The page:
Elan Morgan is a writer and web designer who works from Elan.Works, a designer and editor at GenderAvenger, and a speaker who has spoken across North America. They believe in and work to grow both personal and professional quality, genuine community, and meaningful content online.

Thin and Fit Are Separate Things

The following featured entry was originally published by Sarah Dopp on her weblog, Dopp Juice. She "...likes social media, web development, project management, consulting, writing, editing, creativity, change, spoken-word poetry, fresh squeezed juice, and keeping her hair remarkably short."

I have a friend who's bigger than me. He's in his fifties and has big arms, big legs, and a convex belly that's soft to curl up against. It's Sunday today, so he'll probably be running 12 miles this afternoon — he's training for the Alcatraz Triathlon. This would probably concern me (they built that prison on that island so people would DIE if they tried to escape and swim away!!), except that he's already done it twice.

I have another friend who's petite, thin, and beautiful. Her arms, legs, and belly are small and firm, and they look like they came straight off an airbrushed magazine cover. She's in her thirties, and she will probably be thin and gorgeous her entire life. She never ever exercises, and she eats whatever she wants.

The idea that body size and body fitness are separate things is a fairly new concept for me. I grew up thinking that big meant bad (lazy, unhealthy, ugly) and small meant good (active, healthy, beautiful). Unfortunately, at 5'10" with a large bone structure, it didn't really matter how much I exercised, I was always going to be big.

My mother and I spent a long time being at odds with each other on this subject (we're now on neutral, mutually-respectful territory, and I should mention she'll probably read this post — hi Mom!). She, too, was conditioned by experiences and culture to equate big with bad and small with good, and she passed some of that on to me. More than that, though, she believed that exercising makes you happier (it does), and hoped to heal some of my adolescent depression by encouraging me to go to the gym. Her intentions were in the right place, but when paired with the "big = bad" philosophy, this encouragement just poked more holes in my self-esteem. She was saying, "I want you to love yourself more," and I heard, "You're not good enough the way you are."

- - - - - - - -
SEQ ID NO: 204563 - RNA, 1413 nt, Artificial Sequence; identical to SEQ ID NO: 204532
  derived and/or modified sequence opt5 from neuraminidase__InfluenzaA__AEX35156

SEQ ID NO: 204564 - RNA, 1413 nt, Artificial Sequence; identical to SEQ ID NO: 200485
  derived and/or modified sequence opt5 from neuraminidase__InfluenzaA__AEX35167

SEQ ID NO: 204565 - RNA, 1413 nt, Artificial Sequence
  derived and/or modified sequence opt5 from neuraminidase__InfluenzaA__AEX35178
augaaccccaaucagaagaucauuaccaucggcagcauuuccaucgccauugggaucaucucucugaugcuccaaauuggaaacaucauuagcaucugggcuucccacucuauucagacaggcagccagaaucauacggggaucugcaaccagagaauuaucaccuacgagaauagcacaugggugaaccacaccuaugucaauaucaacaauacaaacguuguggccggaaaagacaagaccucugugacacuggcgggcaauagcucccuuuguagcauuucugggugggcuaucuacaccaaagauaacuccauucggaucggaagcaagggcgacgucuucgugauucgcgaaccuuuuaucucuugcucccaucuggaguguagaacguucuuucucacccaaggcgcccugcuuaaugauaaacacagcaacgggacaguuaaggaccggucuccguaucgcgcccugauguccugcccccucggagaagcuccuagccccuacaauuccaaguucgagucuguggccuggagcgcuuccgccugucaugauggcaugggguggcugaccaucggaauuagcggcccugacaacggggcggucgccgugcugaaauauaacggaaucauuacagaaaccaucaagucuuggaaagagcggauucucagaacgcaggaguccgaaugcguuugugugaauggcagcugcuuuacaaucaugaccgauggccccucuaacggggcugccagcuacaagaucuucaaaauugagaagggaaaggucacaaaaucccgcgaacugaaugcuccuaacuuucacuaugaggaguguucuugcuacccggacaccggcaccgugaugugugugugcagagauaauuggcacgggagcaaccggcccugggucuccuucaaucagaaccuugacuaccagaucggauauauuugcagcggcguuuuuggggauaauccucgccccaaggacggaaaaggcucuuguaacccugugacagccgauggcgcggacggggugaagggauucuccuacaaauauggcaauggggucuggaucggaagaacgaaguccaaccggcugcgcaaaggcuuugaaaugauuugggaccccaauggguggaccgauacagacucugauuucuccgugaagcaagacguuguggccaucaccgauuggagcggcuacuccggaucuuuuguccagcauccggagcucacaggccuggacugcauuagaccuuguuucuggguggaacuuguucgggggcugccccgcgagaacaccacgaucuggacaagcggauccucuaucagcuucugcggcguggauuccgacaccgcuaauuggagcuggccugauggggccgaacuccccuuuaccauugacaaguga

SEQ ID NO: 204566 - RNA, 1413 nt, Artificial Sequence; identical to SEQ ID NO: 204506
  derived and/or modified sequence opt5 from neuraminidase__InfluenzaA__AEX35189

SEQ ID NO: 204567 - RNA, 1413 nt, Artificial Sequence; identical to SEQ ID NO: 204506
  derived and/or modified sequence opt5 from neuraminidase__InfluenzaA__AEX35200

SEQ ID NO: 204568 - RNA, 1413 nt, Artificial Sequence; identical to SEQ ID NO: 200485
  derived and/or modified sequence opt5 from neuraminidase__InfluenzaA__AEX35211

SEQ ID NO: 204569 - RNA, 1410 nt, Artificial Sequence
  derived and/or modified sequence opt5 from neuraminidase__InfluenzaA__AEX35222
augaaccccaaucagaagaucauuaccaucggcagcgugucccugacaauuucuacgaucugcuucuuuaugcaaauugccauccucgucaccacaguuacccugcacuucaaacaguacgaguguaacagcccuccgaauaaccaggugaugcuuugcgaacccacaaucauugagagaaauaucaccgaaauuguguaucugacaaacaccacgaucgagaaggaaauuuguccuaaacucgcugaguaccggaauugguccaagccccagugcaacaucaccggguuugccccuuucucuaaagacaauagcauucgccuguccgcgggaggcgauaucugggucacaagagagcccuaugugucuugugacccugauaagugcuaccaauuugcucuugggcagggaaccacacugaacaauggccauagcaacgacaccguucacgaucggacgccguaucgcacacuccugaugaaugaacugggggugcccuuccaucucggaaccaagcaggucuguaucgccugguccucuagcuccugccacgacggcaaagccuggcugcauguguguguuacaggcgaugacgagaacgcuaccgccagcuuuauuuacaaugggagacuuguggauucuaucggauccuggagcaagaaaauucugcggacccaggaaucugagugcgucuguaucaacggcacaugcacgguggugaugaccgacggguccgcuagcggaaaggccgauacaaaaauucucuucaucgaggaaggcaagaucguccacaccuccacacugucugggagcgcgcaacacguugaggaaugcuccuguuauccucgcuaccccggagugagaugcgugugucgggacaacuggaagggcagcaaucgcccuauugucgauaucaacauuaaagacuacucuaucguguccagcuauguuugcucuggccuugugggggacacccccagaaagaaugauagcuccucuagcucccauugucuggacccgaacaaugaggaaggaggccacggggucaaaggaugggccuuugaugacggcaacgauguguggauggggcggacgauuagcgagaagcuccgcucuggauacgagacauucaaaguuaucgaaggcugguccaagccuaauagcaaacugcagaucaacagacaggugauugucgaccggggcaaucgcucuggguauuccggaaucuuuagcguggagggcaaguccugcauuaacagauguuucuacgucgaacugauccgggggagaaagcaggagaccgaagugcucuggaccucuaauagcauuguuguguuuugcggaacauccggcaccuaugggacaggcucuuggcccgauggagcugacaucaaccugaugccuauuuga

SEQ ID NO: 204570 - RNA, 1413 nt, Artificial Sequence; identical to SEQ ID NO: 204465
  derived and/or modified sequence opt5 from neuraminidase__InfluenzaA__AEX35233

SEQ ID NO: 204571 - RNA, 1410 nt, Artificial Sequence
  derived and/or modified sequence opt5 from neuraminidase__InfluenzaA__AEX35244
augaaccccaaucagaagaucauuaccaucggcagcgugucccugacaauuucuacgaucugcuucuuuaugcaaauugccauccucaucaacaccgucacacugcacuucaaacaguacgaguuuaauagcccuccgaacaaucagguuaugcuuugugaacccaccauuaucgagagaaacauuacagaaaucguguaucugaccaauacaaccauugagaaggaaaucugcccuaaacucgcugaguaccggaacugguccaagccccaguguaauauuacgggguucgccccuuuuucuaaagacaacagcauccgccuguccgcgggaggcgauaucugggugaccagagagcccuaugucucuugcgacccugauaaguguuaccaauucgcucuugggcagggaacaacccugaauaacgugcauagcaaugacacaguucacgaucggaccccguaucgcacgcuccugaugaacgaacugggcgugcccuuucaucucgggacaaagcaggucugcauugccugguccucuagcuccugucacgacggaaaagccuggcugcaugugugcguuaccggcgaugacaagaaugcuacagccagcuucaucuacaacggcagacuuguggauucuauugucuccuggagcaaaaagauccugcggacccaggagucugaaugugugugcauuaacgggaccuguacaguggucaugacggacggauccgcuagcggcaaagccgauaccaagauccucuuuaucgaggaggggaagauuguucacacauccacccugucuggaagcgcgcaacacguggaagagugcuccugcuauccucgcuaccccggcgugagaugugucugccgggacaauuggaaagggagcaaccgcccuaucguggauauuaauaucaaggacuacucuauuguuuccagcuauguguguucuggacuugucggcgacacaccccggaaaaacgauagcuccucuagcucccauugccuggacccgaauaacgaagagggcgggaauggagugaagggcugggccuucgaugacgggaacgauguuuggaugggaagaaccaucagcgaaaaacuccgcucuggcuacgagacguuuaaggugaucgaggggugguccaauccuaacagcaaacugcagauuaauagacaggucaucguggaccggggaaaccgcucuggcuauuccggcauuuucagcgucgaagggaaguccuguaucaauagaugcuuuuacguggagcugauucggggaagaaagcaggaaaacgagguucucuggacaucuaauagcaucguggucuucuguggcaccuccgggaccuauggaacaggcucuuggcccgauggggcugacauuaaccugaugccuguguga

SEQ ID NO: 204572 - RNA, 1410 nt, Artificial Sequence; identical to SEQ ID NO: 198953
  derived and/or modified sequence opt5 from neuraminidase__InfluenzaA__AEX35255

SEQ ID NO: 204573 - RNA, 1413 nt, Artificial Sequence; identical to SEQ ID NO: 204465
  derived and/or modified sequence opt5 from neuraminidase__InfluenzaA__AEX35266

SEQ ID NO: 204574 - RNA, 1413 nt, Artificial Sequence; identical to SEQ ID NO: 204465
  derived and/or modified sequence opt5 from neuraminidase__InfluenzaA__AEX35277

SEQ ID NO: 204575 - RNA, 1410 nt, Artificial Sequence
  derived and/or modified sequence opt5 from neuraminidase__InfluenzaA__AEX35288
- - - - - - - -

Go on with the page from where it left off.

I probably don't have to explain how any attempt to express, "You should go to a gym," can easily come out wrong. But it's worth mentioning that even her attempts at positive reinforcement were thwarted by the screwed up body image culture. I heard any compliment about my body ("You've gotten skinnier!") as "What you weigh is very important to me." This further reinforced the big = bad, small = good problem, and reminded me that I'll always be big. You can't win at a game with broken rules.

Moving to San Francisco and meeting phenomenal people like Debbie Notkin and Laurie Toby Edison (who put out a beautiful book of artsy nude photos of fat women called Women En Large, and who also write the body image activist blog, Body Impolitic) changed a lot for me. They explained to me that our cultural aversion to large bodies is severely disproportionate to our interest in being healthy, and that a lot of the time the two are completely unrelated. Debbie and Laurie's work also helped me unlock another part of my brain that had been shamed into hibernation: I find confident, curvy women hot! Even further? Big men are hot, too.